Posts Tagged ‘Felini’


Fellini and the Self-Referential Nature of 8 1/2


Much has been made about the autobiographical nature of Frederico Fellini’s 1963 film 8 ½.  The title refers to the film being his 8th feature, added with two short films equals 8 ½.  The story is about a director who does not know what film he should direct.  Fellini came up with that idea ironically while trying to decide what film he should direct.  But how is this different from any random YouTube video made by a Junior High student without a plan?  Or why is this film about itself so much more “artistic” than any car commercial, blatantly self-referential, and arguably plot-less?

I believe the answer lies in its tremendous lack of pretentiousness, and therefore, its inherent honesty.  When you watch a commercial, you feel like you’re being tricked.  The thing being advertised is begging for you not only to care about its existence, but also to be infatuated with it.  In the case of this film, our protagonist seems more interested in disappearing from the world than being known by it.  Whereas in many cases, the director of a film provides fantasies for the audience to escape from the world, this director seeks fantasies for him to escape from the audience.

There are certainly autobiographical elements in 8 ½.  And 8 ½ is not the first film to feature itself as a premise – that belongs to the old Nickelodeons if you ask me.  But 8 ½ does something more.  It builds an emotional experience while simultaneously deconstructing it.  Its like a time-lapse of a painting being created.  The interest has shifted from the painting itself, to the process of it being painted.

Fellini’s film works on all levels a typical movie is supposed to work.  But its greatness lies in its existence as a lens through which to view artistic suffering.  In the real world, Fellini’s search for a film would not have perfect pacing, elaborate coincidences, and metaphorical overtones.  But Guido, the film’s protagonist, experiences these issues with an incredibly poetic timing and rhythm.  Both his wife and his mistress find him in the same place at the same time, and instead of dealing with the problem then and there, he fantasizes about a much easier and more selfish existence where wife and mistress get along and neither of them judge him for hanging on to the other.  This fantasy is further manifest in a later seen where Guido comes home to a harem of all the women in his life.  They love him and plead for his attention.  They need him and will never leave him.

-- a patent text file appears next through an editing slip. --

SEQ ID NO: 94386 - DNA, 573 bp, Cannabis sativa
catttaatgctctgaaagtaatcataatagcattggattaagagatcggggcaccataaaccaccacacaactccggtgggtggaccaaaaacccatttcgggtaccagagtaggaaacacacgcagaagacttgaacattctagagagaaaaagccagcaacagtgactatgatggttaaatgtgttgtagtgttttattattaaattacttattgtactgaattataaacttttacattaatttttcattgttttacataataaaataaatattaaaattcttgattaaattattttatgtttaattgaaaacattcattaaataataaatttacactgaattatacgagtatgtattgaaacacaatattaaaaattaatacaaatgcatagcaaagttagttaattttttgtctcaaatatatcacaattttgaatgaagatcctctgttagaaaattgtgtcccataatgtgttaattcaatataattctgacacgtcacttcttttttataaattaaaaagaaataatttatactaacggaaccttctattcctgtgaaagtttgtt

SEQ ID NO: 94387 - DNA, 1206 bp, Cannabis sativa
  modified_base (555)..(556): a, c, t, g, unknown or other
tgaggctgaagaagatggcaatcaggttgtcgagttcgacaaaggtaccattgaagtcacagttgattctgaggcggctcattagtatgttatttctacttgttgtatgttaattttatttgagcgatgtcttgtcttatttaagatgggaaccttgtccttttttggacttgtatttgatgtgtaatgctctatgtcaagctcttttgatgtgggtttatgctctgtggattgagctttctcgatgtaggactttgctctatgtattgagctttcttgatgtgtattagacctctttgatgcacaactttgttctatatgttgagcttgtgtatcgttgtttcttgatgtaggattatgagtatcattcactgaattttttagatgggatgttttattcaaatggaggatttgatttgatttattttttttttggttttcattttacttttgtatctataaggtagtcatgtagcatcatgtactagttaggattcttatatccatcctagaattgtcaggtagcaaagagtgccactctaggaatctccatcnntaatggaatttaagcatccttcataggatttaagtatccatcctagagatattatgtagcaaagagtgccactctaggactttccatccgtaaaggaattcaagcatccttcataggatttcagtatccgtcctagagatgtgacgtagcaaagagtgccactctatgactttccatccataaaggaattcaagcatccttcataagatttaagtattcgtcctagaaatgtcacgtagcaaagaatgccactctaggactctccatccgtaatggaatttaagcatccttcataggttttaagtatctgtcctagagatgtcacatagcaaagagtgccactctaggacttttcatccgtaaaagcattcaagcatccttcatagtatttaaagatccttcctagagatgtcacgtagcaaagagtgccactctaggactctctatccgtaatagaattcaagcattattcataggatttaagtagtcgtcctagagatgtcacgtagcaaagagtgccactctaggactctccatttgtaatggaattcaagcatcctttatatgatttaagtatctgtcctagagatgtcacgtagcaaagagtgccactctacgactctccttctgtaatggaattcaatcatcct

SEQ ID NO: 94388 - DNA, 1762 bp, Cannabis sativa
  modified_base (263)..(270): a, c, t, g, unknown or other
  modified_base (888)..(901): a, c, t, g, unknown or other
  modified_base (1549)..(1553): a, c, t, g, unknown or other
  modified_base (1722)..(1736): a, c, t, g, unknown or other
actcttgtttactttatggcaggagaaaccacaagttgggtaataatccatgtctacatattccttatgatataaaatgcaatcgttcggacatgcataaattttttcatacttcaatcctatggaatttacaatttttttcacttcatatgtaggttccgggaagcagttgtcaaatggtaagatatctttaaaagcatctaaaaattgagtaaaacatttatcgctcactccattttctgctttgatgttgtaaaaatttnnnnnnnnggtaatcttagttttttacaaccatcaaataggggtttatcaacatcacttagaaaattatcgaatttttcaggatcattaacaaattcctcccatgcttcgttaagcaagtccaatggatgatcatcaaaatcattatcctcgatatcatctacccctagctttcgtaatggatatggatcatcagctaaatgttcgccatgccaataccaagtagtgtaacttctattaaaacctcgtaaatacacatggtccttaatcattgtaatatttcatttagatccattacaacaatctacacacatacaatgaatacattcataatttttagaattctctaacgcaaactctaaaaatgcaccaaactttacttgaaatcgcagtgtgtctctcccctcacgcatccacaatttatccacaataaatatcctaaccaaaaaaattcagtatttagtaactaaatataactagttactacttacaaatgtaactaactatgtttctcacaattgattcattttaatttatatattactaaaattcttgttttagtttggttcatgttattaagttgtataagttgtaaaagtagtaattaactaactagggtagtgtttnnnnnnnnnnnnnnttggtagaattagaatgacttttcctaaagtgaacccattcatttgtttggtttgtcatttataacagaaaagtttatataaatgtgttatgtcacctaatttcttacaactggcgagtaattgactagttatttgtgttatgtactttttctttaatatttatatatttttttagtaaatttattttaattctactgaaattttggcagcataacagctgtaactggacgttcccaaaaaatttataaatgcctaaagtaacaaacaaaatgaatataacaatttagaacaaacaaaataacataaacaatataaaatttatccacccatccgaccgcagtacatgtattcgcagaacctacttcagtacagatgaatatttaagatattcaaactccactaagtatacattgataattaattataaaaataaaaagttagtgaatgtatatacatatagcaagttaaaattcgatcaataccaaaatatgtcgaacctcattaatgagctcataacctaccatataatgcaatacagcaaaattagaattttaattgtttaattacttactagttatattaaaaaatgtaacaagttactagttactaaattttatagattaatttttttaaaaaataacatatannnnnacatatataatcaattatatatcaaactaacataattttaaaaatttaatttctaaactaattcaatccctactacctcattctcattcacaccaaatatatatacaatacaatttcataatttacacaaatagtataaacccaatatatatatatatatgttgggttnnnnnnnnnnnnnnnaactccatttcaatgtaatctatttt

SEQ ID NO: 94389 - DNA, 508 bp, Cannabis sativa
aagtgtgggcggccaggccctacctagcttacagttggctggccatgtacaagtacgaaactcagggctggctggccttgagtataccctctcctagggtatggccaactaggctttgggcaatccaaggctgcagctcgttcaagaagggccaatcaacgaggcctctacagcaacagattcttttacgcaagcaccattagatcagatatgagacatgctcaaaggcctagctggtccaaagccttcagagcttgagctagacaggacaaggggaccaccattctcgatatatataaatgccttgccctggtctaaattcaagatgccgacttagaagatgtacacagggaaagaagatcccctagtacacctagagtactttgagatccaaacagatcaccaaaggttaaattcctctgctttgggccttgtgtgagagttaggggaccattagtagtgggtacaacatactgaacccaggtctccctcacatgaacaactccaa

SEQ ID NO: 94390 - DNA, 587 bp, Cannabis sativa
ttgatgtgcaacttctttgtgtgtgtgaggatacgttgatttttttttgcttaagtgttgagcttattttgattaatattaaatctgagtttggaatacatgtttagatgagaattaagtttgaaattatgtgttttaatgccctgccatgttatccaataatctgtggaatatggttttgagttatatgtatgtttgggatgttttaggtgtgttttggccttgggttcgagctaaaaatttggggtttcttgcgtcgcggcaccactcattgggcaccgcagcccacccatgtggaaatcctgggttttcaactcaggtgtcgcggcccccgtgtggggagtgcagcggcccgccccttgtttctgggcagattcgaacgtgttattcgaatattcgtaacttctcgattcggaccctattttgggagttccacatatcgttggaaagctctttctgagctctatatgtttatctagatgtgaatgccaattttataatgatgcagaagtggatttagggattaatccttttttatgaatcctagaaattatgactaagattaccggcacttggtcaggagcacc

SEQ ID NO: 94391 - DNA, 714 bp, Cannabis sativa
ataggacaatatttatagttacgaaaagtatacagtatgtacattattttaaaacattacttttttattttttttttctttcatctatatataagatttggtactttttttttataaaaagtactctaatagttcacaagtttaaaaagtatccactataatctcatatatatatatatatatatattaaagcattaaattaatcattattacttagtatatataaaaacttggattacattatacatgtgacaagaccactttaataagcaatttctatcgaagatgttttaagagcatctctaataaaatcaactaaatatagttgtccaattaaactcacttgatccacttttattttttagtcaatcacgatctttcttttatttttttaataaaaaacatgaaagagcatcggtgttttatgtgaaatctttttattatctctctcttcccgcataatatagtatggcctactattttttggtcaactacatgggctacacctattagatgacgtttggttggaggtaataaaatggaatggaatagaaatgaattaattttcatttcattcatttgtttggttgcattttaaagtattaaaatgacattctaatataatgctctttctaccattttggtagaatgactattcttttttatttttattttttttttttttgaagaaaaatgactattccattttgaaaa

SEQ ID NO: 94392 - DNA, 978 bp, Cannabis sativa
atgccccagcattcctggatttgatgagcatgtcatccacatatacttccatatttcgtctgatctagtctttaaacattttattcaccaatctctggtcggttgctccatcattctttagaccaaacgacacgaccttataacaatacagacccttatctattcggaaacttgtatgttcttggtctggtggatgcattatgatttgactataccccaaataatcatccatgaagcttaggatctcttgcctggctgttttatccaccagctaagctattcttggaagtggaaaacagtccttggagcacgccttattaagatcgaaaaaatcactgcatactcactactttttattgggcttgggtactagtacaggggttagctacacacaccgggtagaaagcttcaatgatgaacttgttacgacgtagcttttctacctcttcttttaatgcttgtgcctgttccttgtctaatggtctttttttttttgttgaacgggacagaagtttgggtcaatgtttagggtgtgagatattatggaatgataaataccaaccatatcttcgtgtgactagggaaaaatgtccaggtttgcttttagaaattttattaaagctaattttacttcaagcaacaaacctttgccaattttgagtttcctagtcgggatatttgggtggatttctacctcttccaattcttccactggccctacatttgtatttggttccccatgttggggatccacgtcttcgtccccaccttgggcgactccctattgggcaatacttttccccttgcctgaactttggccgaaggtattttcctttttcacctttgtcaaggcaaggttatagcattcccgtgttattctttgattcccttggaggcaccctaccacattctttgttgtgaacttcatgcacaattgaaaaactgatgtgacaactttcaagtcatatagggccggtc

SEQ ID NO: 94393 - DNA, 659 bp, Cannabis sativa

There is a significant narrative implication concerning the rules of personal fantasy in this scene.  When he first walks in to his harem home he sees his mistress walk down some steps, to which he asks, “What were you doing upstairs?” and she answers, “Keeping those poor girls company, they’re always so alone up there.”  To most members of the audience, this has no meaning whatsoever.  But I will illuminate its importance here.  When the writers of 8 ½ wrote that scene they most likely had already discussed the rules of each fantasy sequence, and coming upon this one they decided that in Guido’s harem only women under a certain age would be allowed to stay in the main floors ­– a fact that is later discussed toward the end of the scene.  They set up this “fact of fantasy” with the aforementioned bit of dialog.  The dialog itself does not say what’s upstairs that Guido is protecting his mistress from; that comes later.  This is known as a “set-up/pay-off” system of storytelling.  The initial line informs the audience that there is a distinguishing element between the upper levels and lower levels.  The pay-off later tells the audience exactly what that distinguishing element is.

Where this becomes important for the story is that Guido as a character must experience this fantasy in real-time.  He doesn’t get to have a meeting in a “writer’s room” discussing the rules of each of his fantasies.  He just creates them out of who he is and what he needs at the time.  As a filmmaker, his imagination is so conditioned to exporting ideas in a set-up/pay-off system, that his fantasy is manifest in this way.  Guido is now incapable of viewing or expressing his desires (both sexual and otherwise) in any way apart from theatrical deception and manipulation.  That is how much his inner self desires to be expressed cinematically – that his fantasies imitate the cinema.  But all the desire in the world won’t make a movie happen until you know what movie you want to make.